If the last winter storm taught me anything, it's to make sure I'm ready for the next one.
Having recently experienced the hassle of frozen water pipes, I made sure they were well insulated before the polar vortex.
Preparation is key to increasing your odds of staying warm and dry during the next blizzard or cold snap. So if you haven't already done so, take some time to answer these five questions:
Where is my home's water shut-off valve? Freezing temps combined with strong winds can cause water pipes to burst (thank heavens mine didn't!). When pipes fail, shutting off the water flow quickly can prevent thousands of dollars in repairs later. So make sure you know in advance how to shut off your main water supply. If you can't locate the valve, ask your plumber for help. Also, consider reviewing your homeowners' insurance policy to see if you're covered for water damage from burst pipes and other causes.
Is my roof prone to dams? Long, pretty icicles can signify an ice dam, which may cause ugly water damage when melting snow and ice are trapped by ice on a roof's edge. The best prevention is to make sure your attic is properly insulated and ventilated, keeping excess heat from melting snow, which trickles down the roof until it re-freezes at the cold edge of the roof, creating the dam. Also, be sure to clear debris from gutters and downspouts during the rest of the year.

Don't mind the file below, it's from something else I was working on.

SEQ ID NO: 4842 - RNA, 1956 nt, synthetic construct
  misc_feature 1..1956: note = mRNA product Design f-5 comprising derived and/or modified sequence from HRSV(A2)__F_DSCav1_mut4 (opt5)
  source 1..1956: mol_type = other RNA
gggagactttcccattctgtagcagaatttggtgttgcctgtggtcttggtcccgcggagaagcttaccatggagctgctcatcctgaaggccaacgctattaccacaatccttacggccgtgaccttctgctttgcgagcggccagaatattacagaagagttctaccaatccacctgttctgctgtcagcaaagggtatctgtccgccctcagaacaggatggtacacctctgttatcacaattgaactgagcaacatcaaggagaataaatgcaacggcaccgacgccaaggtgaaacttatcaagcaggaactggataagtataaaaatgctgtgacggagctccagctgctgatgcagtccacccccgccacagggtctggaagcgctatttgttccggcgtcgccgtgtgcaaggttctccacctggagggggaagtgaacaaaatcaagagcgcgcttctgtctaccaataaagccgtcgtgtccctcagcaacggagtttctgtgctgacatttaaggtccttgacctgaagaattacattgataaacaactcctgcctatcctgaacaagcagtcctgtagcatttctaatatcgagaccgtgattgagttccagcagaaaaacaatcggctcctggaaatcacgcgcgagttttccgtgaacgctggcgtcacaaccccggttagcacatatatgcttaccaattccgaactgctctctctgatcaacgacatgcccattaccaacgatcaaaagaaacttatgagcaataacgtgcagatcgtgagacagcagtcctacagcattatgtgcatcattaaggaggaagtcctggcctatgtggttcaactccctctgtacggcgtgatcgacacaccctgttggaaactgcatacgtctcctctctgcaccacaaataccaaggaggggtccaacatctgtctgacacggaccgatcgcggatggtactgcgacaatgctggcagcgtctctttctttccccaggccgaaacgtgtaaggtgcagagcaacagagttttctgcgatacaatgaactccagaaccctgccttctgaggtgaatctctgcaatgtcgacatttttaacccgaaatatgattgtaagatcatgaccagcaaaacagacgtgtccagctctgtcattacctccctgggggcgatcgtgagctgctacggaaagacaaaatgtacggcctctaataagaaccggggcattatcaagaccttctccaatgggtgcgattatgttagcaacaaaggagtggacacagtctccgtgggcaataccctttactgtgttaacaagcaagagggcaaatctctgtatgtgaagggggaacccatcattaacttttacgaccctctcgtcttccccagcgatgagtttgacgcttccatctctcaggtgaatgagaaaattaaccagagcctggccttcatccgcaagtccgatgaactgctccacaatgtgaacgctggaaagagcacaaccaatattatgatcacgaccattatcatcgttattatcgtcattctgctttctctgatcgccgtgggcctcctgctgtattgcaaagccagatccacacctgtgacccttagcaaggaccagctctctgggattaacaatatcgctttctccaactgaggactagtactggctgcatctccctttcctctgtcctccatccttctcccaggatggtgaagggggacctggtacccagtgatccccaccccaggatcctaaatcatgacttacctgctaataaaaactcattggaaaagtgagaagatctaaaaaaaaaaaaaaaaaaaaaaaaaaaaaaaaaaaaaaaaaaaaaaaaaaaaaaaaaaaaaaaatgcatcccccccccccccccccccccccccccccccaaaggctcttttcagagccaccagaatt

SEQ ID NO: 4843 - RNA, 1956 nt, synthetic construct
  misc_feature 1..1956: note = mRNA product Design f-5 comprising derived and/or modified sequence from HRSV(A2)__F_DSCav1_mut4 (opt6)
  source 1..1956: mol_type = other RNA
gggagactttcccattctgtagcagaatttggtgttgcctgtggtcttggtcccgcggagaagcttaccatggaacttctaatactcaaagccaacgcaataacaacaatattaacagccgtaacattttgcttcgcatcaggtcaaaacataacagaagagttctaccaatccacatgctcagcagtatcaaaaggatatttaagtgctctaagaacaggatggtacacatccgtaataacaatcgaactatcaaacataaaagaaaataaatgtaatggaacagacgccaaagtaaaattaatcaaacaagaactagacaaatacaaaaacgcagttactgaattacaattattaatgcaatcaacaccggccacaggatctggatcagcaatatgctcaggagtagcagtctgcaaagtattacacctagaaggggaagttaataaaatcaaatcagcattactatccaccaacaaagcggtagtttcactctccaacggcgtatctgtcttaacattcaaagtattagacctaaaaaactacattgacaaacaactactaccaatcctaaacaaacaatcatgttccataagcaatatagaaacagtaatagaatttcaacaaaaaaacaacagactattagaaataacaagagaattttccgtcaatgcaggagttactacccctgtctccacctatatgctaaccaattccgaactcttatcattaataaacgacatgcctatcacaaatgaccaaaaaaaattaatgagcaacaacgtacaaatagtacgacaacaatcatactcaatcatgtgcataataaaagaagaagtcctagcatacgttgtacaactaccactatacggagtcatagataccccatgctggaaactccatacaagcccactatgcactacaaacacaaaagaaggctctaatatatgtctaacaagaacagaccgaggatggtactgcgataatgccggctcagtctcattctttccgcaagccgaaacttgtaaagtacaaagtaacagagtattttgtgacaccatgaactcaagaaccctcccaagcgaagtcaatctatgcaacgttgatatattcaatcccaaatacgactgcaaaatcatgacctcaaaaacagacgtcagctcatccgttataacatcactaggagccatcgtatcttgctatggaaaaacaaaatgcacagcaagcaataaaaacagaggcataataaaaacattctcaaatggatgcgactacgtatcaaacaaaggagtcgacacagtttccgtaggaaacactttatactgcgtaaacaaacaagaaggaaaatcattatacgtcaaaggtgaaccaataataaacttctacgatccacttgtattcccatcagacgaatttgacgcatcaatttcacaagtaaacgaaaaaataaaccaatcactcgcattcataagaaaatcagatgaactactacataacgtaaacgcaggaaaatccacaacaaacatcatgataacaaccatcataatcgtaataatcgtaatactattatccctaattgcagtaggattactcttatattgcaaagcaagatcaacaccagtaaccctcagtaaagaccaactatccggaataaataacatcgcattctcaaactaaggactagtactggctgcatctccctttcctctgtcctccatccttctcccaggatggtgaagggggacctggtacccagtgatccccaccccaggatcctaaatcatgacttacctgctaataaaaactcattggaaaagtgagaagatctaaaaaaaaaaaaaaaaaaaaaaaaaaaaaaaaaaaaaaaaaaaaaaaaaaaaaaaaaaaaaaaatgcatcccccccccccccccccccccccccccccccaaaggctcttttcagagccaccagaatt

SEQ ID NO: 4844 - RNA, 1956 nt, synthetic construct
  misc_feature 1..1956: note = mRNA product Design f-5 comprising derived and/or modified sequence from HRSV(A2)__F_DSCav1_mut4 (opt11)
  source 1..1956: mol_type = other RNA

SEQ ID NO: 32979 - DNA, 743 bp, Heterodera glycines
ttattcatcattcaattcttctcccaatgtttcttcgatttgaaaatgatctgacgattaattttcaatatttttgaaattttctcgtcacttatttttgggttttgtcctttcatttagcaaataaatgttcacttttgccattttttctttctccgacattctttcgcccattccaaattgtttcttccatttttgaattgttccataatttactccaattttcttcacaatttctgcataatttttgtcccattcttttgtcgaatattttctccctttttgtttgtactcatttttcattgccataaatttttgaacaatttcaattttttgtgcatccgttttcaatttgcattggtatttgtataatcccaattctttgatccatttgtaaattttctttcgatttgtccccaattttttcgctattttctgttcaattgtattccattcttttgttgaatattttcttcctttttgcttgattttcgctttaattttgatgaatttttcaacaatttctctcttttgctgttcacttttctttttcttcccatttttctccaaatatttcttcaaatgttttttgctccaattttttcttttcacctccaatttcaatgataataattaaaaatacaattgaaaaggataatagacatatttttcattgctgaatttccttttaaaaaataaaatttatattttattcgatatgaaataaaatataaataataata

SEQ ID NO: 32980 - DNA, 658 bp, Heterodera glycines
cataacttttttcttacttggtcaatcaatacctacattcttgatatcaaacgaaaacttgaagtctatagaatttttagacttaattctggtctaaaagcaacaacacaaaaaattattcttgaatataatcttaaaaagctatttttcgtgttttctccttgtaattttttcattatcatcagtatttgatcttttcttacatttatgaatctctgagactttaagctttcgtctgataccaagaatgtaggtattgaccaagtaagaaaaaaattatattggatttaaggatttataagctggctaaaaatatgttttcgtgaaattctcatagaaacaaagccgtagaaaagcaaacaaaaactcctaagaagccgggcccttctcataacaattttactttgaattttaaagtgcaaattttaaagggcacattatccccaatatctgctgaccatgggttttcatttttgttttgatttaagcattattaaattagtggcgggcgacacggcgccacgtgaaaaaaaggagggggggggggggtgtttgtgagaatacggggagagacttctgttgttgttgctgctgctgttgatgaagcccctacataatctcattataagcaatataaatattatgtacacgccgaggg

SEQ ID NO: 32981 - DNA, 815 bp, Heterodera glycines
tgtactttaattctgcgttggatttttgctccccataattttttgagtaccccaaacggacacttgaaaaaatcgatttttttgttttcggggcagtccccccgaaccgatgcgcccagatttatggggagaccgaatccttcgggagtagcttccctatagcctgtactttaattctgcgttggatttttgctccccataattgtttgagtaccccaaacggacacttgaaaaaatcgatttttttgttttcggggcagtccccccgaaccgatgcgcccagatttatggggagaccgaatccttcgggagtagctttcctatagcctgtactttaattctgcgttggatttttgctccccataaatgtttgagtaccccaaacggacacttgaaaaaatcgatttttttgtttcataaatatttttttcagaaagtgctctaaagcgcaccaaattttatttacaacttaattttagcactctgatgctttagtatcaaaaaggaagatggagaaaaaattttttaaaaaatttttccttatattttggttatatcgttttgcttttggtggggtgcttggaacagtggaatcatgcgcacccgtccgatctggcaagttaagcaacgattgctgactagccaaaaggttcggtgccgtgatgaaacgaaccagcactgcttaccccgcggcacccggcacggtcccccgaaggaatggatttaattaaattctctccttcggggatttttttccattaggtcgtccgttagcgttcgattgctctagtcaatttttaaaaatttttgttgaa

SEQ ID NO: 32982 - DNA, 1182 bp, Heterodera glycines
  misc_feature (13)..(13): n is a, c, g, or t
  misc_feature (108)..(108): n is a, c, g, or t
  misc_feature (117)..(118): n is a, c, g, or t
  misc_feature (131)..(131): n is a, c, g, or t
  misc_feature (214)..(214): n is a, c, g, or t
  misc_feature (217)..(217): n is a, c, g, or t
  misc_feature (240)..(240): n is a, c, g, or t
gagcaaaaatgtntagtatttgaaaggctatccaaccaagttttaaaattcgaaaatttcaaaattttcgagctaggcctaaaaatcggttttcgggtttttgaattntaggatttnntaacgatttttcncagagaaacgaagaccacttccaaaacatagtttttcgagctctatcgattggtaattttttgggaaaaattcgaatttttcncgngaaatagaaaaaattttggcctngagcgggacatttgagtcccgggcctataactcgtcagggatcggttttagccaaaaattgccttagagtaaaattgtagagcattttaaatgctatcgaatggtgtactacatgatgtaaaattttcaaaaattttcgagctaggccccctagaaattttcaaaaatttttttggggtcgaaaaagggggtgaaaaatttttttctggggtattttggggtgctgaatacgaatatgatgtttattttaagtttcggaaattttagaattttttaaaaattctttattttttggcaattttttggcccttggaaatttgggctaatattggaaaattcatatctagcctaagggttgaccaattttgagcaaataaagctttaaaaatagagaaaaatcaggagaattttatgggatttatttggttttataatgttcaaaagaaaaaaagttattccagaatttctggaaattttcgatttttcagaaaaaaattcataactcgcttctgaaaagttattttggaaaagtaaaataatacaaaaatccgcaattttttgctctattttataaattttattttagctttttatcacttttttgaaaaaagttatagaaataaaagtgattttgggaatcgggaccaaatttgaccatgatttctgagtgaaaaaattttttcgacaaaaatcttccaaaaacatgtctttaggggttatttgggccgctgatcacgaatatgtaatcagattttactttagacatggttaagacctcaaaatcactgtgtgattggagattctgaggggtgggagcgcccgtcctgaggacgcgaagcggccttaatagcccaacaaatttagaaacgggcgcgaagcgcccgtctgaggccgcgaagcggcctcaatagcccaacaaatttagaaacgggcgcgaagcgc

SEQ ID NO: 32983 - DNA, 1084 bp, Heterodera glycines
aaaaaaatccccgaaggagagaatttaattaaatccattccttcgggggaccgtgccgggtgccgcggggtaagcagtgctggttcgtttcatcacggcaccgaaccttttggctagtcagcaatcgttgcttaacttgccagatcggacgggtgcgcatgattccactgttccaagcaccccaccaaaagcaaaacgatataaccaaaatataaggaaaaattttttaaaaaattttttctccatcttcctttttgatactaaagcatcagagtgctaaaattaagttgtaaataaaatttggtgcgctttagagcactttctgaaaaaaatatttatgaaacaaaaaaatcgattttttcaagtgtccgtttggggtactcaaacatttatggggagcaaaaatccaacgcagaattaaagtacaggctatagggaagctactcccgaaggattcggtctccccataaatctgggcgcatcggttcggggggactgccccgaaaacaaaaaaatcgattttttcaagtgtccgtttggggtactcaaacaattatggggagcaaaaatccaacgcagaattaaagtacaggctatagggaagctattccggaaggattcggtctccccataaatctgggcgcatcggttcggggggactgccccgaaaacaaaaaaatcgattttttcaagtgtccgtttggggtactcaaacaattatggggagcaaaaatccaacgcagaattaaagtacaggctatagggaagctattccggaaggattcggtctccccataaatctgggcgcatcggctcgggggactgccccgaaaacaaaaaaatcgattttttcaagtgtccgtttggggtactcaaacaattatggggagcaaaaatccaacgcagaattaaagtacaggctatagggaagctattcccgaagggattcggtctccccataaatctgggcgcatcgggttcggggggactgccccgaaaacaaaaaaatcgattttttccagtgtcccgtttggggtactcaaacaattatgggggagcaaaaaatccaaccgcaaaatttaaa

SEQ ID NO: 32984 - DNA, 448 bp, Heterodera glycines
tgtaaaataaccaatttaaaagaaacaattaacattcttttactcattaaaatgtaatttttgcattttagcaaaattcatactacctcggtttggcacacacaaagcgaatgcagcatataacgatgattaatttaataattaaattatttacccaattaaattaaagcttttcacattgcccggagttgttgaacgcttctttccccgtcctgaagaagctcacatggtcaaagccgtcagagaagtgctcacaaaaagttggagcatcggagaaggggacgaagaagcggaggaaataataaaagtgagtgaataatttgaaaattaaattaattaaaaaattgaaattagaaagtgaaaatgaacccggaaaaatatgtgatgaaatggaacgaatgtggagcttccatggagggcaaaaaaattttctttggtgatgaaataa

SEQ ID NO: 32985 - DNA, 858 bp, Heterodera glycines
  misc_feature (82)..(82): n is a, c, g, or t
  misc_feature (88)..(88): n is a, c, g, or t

Does my sump pump work? To test whether your pump can keep snowmelt or spring rain from flooding the basement or crawlspace, pour a few buckets of water in the sump pit.
Am I ready to be trapped in my car? Winter driving carries with it the risk of having a breakdown, running off the road or getting stuck. Keep an emergency kit and other supplies on hand, just in case. Stock a snow shovel, ice scraper and brush, jumper cables, flashlight, blanket or sleeping bag, bag of sand or kitty litter, warm clothing, water, nonperishable food, can of tire inflator and a first-aid kit. When bad weather is forecast, fill up your gas tank and make sure tires are properly inflated.
Who'll clear my driveway? Before you're snowed or iced in, research and connect with a reputable local snow removal company. Consider arranging to be put on a list for automatic plowing when snow reaches a certain height. If you own a snow blower, make sure it's working. If you don't have one, ask a neighbor if you can use theirs. Consider arranging to share fuel and maintenance costs.
Making the effort now to answer these questions means that when the next storm hits, you won't have to waste time panicking about your house and will instead have time for more important things, like making a snowman with the kids or cozying up with a hot cup of cocoa.
(Photo by Steve Mitchell)